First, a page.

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  • Writer's pictureKristin Cooper

Department of Energy Innovation Hub Announces $4 Million for Critical Materials Projects

Last week, the U.S. Department of Energy’s (DOE’s) Critical Materials Institute (CMI) announced up to $4 million in funding to address challenges in establishing domestic supply chains for critical materials with specific emphasis on industrial relevance, participation, and adoption.

The DOE has identified critical materials as essential to many of the technologies vital to the U.S. economy, as outlined in A Federal Strategy to Ensure Secure and Reliable Supplies of Critical Minerals.” Critical materials, including rare earth elements, are essential components of modern technologies, yet they are vulnerable to supply chain disruption. DOE invests $25 million per year in the CMI to assure supply chains of materials critical to clean energy technologies, which enables American manufacturing innovation and enhances national energy security. CMI’s project call focuses on three areas: Process innovation that will transform unconventional sources of critical materials into commercial resources;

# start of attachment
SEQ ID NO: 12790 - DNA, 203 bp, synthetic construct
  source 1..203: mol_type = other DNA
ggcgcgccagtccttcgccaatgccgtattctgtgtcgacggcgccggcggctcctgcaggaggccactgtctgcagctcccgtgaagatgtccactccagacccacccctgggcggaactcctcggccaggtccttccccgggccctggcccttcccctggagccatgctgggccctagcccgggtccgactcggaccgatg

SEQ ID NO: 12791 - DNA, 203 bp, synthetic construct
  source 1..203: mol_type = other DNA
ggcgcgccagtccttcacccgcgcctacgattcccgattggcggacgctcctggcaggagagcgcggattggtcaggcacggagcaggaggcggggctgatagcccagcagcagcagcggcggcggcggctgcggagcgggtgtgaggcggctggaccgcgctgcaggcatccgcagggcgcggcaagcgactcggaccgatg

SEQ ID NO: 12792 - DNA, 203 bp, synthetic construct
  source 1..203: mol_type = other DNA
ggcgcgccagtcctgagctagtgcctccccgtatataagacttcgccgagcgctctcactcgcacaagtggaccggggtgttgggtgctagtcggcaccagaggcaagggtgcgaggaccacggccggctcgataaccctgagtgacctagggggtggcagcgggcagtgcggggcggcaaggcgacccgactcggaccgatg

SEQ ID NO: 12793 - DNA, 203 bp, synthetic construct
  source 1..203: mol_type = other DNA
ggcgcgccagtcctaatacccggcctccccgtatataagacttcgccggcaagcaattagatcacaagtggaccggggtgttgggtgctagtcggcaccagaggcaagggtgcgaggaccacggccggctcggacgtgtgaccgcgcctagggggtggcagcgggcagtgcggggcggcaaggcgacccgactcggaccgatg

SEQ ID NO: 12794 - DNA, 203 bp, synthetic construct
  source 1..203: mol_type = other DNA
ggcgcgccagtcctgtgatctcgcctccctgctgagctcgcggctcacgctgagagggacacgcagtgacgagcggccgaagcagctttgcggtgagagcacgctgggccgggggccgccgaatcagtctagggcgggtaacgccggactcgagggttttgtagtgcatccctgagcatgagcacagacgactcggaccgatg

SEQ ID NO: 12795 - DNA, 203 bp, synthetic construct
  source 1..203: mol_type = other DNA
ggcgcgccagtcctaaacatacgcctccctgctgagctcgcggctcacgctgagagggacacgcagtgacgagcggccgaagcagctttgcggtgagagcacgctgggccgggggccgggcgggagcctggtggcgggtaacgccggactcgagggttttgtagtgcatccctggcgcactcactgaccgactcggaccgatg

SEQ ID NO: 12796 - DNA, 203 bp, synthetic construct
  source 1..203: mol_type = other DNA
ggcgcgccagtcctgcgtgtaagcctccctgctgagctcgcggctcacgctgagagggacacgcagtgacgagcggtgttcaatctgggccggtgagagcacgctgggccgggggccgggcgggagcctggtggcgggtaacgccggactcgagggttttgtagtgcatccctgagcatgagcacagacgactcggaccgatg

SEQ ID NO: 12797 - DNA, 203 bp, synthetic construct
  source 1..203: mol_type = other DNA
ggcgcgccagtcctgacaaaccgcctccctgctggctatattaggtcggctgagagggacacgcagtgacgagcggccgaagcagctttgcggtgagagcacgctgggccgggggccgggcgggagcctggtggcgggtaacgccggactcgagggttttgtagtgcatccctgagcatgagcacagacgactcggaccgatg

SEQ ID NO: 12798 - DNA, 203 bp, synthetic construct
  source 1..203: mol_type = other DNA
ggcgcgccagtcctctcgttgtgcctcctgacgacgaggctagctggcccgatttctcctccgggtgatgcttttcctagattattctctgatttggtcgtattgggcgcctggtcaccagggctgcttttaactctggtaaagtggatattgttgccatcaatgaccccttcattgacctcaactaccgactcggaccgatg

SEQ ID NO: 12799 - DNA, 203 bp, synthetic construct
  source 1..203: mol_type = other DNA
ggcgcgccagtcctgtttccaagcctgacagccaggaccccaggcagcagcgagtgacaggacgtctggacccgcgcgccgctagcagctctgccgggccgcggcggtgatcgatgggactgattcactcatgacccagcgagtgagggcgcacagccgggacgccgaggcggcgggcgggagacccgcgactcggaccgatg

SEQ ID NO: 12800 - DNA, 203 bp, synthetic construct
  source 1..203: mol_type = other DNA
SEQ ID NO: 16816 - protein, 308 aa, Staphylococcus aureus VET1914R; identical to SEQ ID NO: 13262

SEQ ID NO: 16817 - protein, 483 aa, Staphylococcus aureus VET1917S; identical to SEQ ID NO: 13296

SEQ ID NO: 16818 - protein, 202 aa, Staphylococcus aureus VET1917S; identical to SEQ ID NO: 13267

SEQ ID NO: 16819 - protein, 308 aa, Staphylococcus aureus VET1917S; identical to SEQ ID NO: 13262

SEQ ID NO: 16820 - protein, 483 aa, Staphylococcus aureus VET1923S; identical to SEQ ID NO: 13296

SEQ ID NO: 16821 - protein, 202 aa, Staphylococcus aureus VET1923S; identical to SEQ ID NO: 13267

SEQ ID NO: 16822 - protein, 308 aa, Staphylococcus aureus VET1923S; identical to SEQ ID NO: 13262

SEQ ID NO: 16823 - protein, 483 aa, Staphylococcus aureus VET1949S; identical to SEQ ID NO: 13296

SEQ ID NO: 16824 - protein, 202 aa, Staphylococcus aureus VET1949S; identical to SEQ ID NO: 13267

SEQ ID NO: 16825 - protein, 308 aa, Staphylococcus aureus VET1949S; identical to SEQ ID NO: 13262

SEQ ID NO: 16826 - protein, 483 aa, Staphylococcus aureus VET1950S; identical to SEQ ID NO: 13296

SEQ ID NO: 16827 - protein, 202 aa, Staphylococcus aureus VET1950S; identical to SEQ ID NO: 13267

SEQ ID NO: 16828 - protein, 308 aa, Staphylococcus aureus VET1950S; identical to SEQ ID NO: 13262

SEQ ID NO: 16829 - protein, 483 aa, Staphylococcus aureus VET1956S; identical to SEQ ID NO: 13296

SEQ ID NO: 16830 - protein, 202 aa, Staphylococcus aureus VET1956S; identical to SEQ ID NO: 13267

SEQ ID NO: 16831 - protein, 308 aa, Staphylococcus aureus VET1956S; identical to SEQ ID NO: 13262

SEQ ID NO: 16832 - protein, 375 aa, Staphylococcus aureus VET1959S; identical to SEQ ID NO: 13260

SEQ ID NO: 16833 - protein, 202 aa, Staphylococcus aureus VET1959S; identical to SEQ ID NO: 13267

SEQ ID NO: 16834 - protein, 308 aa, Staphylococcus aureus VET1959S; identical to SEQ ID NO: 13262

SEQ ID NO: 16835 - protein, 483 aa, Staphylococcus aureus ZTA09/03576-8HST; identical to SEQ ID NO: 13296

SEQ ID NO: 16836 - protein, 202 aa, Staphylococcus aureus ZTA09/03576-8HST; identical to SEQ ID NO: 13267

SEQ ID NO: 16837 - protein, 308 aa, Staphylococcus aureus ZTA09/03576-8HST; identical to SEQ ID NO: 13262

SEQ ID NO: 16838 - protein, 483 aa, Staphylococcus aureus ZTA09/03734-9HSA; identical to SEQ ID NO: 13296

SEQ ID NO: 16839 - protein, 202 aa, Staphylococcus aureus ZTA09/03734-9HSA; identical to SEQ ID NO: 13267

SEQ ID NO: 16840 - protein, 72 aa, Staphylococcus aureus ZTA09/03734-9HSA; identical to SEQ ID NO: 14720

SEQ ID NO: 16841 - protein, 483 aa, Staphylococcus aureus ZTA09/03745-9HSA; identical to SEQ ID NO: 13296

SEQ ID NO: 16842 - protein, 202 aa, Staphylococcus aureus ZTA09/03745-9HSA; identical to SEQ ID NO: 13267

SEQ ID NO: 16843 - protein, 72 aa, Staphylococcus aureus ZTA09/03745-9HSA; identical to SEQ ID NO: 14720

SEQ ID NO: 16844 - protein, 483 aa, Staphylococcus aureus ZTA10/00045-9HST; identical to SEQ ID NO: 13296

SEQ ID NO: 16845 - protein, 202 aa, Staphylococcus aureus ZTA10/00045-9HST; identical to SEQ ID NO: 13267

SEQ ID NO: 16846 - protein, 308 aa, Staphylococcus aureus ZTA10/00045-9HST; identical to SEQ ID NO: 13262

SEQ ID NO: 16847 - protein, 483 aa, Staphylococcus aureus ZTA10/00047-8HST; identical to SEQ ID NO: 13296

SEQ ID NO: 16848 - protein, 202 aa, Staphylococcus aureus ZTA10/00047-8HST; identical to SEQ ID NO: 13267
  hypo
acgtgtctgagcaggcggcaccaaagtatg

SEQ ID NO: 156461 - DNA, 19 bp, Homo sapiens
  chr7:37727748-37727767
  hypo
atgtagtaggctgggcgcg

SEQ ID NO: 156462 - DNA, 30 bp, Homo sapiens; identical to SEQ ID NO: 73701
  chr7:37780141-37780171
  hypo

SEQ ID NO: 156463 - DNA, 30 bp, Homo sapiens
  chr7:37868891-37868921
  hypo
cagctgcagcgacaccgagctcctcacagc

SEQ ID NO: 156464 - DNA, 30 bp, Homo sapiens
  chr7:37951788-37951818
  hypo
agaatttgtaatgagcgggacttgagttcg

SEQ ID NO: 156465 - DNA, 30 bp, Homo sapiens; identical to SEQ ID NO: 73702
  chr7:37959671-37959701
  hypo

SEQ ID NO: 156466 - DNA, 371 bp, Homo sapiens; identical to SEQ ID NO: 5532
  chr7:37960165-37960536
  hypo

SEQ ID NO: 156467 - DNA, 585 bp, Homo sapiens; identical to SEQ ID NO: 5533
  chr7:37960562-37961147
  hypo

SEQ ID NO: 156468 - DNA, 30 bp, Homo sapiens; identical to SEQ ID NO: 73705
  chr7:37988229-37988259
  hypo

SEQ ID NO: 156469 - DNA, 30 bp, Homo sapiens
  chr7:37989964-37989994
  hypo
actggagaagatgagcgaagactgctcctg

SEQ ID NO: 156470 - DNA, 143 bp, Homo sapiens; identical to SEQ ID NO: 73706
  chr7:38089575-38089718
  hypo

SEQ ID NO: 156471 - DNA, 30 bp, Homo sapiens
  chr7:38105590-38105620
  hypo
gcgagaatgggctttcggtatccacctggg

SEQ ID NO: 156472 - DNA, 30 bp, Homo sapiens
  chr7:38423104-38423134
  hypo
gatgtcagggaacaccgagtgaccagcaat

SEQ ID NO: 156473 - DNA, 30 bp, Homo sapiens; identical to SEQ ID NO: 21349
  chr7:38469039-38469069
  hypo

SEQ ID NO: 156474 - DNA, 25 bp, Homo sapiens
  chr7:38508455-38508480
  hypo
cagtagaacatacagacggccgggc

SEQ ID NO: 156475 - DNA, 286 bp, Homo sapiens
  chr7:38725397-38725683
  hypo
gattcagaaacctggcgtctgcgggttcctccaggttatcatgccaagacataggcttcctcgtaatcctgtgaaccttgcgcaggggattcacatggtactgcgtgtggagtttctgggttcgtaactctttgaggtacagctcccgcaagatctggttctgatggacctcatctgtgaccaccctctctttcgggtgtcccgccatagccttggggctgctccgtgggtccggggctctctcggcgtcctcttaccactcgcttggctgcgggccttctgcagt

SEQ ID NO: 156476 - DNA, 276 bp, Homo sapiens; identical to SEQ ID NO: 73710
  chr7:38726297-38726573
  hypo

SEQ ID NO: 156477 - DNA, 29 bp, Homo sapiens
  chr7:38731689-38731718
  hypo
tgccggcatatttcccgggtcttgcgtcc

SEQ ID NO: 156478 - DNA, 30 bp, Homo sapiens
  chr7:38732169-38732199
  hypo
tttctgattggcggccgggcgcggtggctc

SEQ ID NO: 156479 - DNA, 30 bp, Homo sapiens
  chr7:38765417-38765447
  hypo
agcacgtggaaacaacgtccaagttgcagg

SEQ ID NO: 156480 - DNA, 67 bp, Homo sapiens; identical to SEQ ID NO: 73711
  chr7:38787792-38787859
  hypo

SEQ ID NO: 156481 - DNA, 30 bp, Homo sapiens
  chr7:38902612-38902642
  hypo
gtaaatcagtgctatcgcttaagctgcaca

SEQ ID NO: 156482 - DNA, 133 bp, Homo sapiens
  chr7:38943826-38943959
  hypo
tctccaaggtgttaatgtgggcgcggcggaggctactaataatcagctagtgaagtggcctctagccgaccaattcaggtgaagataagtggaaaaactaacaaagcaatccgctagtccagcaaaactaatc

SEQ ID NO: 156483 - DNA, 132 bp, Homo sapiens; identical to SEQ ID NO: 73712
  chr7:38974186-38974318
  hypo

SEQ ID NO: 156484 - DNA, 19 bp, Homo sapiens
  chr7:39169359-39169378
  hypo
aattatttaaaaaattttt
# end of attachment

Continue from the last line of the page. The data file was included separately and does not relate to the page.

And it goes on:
1. New, highly-selective separation methods from industrial and end-of-life waste streams; and

  2. Innovative solutions for conversion of critical minerals into high-value end products.

CMI anticipates making up to six awards, with all projects requiring a minimum 50% cost-share. Eligibility for this call is limited to teams of at least two organizations. The team must contain one member of industry and at least one current CMI team member or affiliate. Concept papers are due on July 1, 2020. View the call for proposals and submission requirements.

Founded in 2013, the Critical Materials Institute is a DOE Energy Innovation Hub led by Ames Laboratory that seeks to eliminate and reduce reliance on rare-earth metals and other materials subject to supply chain disruptions.

DOE recently announced $30 million in funding for research and development that focuses on field validation and demonstration, as well as next-generation extraction, separation, and processing technologies for critical materials.

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